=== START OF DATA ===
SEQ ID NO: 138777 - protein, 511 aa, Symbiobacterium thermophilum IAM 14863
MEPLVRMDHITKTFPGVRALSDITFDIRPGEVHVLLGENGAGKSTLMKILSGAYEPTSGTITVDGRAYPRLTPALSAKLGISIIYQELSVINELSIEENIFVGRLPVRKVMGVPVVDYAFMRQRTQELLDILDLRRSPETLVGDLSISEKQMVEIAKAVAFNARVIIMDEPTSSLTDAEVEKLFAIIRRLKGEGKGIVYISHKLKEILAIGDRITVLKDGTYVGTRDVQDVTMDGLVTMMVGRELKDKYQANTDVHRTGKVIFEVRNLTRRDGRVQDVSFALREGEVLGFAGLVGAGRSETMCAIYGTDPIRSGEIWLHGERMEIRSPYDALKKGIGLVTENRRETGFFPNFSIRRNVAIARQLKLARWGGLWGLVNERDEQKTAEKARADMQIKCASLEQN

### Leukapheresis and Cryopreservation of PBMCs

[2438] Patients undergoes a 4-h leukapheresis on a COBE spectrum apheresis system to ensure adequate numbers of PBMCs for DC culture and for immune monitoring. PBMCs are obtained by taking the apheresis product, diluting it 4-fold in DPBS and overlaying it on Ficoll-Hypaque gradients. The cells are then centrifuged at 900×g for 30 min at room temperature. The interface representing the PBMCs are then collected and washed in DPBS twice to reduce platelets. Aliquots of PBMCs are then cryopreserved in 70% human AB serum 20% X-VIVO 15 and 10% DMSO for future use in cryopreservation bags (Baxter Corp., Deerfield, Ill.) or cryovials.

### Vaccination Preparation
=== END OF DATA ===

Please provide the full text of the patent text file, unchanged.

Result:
SEQ ID NO: 138777 - protein, 511 aa, Symbiobacterium thermophilum IAM 14863
MEPLVRMDHITKTFPGVRALSDITFDIRPGEVHVLLGENGAGKSTLMKILSGAYEPTSGTITVDGRAYPRLTPALSAKLGISIIYQELSVINELSIEENIFVGRLPVRKVMGVPVVDYAFMRQRTQELLDILDLRRSPETLVGDLSISEKQMVEIAKAVAFNARVIIMDEPTSSLTDAEVEKLFAIIRRLKGEGKGIVYISHKLKEILAIGDRITVLKDGTYVGTRDVQDVTMDGLVTMMVGRELKDKYQANTDVHRTGKVIFEVRNLTRRDGRVQDVSFALREGEVLGFAGLVGAGRSETMCAIYGTDPIRSGEIWLHGERMEIRSPYDALKKGIGLVTENRRETGFFPNFSIRRNVAIARQLKLARWGGLWGLVNERDEQKTAEKARADMQIKCASLEQN

### Leukapheresis and Cryopreservation of PBMCs

[2438] Patients undergoes a 4-h leukapheresis on a COBE spectrum apheresis system to ensure adequate numbers of PBMCs for DC culture and for immune monitoring. PBMCs are obtained by taking the apheresis product, diluting it 4-fold in DPBS and overlaying it on Ficoll-Hypaque gradients. The cells are then centrifuged at 900×g for 30 min at room temperature. The interface representing the PBMCs are then collected and washed in DPBS twice to reduce platelets. Aliquots of PBMCs are then cryopreserved in 70% human AB serum 20% X-VIVO 15 and 10% DMSO for future use in cryopreservation bags (Baxter Corp., Deerfield, Ill.) or cryovials.

### Vaccination Preparation